“Indeed we do, sir. Incidentally, sir, we have
received a missive from Diamond King of Trolls, thanking us for our firm stance
on the drugs issue. Well done, sir.”

“Hardly a concession,” Vetinari observed, waving it
away. “You know my position, Drumknott. I have no particular objection to people
taking substances that make them feel better, or more contented or, for that
matter, see little dancing purple fairies—or even their god if it comes to that.
It's their brain, after all, and society can have no claim on it, providing
they're not operating heavy machinery at the time. However, to sell drugs to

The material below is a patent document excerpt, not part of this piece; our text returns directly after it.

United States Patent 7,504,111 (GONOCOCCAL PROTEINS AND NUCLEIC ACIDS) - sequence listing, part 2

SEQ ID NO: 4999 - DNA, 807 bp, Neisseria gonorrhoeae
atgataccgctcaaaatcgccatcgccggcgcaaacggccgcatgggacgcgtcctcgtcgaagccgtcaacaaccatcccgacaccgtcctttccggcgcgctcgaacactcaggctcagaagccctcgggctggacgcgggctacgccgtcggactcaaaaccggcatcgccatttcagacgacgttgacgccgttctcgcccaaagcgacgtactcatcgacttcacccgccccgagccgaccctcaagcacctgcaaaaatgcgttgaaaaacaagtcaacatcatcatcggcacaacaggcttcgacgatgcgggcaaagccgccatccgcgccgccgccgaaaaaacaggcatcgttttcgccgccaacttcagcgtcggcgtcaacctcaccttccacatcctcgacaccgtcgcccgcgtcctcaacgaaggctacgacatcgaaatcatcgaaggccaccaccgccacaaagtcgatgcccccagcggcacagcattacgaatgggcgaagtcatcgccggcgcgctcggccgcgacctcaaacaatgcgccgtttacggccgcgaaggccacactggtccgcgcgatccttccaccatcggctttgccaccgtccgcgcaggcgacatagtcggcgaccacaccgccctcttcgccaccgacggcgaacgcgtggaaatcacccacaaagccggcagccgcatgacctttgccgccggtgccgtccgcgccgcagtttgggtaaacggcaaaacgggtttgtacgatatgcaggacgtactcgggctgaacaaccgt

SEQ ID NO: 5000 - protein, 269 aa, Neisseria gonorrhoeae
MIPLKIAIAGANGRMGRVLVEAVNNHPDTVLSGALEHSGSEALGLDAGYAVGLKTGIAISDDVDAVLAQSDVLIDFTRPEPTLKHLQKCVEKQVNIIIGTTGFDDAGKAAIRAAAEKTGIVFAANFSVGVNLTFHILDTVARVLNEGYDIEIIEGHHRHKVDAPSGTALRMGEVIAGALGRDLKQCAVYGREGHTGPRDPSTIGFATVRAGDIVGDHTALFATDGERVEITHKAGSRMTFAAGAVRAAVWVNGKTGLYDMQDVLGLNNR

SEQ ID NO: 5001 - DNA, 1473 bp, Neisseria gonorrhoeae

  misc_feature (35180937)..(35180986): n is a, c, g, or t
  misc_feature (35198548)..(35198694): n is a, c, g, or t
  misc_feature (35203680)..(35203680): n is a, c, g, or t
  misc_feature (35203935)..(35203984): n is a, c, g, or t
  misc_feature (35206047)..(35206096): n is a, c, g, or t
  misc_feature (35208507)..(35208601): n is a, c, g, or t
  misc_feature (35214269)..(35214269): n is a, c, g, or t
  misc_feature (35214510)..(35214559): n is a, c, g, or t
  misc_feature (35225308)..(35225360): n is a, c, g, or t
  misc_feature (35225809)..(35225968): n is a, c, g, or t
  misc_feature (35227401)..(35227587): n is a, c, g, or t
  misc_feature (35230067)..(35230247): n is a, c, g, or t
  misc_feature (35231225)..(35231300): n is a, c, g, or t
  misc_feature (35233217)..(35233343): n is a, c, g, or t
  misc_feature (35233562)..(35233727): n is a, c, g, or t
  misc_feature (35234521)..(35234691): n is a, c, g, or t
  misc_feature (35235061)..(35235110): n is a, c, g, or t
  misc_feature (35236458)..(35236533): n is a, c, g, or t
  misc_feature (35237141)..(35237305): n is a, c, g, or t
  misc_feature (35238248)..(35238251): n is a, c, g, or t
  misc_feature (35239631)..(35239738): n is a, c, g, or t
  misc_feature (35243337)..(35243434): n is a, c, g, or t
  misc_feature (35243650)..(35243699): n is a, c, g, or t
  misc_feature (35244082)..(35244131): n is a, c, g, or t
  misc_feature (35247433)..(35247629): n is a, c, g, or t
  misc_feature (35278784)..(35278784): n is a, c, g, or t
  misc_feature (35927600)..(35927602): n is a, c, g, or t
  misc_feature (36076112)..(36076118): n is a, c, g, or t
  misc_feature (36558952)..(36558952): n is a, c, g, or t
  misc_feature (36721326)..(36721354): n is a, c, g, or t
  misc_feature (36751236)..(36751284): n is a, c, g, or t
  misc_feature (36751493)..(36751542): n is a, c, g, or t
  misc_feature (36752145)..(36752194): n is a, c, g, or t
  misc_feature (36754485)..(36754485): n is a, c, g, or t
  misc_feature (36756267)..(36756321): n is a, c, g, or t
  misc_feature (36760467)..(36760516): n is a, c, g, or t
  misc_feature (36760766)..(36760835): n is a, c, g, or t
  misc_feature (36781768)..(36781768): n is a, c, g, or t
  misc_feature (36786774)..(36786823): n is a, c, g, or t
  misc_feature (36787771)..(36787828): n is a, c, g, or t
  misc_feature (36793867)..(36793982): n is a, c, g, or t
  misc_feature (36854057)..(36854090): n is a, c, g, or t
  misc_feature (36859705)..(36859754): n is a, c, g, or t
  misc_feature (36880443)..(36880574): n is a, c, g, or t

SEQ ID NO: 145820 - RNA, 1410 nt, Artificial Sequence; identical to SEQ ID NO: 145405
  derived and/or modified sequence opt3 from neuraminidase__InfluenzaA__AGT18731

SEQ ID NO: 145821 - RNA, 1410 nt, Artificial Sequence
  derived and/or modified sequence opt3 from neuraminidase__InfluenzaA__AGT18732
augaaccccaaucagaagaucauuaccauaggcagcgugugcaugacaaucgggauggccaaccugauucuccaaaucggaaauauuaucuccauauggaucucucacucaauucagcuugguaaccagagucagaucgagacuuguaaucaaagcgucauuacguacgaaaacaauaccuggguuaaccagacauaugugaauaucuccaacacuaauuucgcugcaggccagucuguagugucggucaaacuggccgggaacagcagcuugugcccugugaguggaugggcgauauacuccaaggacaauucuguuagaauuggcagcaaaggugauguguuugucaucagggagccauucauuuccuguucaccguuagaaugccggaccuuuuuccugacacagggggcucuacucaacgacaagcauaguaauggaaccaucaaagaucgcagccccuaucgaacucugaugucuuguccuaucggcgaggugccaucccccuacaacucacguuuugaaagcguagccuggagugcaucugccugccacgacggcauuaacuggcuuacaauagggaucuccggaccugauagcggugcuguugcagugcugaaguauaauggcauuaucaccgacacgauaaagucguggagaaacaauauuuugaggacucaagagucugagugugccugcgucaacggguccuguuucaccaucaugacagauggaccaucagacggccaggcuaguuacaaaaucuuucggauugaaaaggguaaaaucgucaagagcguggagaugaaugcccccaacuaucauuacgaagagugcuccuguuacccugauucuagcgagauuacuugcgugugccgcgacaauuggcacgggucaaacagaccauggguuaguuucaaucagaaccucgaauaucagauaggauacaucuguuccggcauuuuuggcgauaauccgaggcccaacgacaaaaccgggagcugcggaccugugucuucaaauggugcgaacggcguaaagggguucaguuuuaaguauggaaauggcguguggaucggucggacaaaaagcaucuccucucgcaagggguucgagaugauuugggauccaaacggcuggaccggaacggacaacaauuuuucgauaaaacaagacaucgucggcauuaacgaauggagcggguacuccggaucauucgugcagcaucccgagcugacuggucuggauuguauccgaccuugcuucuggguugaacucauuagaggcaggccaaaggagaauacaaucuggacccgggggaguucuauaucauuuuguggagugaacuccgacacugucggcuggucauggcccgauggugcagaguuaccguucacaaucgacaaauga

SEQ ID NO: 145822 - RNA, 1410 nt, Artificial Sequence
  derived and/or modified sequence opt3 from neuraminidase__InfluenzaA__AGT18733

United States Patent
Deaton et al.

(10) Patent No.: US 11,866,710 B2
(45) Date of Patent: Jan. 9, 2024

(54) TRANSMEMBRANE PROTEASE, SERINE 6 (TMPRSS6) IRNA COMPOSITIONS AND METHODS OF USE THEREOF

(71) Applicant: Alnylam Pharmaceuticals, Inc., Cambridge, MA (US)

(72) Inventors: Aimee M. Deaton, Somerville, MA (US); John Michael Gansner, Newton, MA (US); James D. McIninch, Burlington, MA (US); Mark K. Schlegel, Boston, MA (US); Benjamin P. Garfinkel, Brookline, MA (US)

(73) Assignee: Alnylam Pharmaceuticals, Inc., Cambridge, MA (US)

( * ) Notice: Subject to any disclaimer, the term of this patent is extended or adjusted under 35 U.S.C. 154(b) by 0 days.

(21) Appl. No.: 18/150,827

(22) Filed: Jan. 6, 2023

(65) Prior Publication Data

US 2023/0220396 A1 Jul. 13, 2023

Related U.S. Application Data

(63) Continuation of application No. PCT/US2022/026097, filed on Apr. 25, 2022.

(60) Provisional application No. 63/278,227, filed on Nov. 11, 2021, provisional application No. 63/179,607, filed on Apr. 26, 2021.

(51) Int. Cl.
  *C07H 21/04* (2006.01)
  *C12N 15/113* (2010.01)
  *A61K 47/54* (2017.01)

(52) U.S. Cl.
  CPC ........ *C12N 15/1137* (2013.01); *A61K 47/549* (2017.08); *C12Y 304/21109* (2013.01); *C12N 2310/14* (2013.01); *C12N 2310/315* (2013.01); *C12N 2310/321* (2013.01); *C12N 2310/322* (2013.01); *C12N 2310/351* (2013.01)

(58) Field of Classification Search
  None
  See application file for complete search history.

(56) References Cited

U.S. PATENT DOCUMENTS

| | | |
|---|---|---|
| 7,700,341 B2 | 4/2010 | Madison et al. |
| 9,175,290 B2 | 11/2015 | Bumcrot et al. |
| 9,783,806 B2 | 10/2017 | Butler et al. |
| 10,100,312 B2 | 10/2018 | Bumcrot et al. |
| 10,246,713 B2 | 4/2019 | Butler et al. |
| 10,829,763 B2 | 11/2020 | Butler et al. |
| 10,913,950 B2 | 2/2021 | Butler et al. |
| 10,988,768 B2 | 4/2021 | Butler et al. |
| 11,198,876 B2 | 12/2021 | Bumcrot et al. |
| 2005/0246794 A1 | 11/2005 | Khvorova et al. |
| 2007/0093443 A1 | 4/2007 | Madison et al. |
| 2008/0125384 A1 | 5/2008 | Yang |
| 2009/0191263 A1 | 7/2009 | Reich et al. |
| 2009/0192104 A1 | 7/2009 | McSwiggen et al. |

trolls that actually make their heads explode is simply murder, the capital
crime. I am glad to say that Commander Vimes fully agrees with me on this
issue.”

“Indeed, sir, and may I remind you that he will be
leaving us very shortly. Do you intend to see him off, as it were?”

The Patrician shook his head. “I think not. The man
must be in terrible turmoil, and I fear that my presence might make things
worse.”

Was there a hint of pity in Drumknott's voice when
he said, “Don't blame yourself, my lord. After all, you and the commander are in
the hands of a higher power.”

H
is Grace, the Duke of
Ankh, Commander Sir Samuel Vimes of the Ankh-Morpork City Watch, was feverishly
pushing a pencil down the side of his boot in order to stop the itching. It
didn't work. It never did. All his socks made his feet itch. For the hundredth
time he considered telling his wife that among her sterling qualities, and they
were many, knitting did not feature. But he would rather have chopped his foot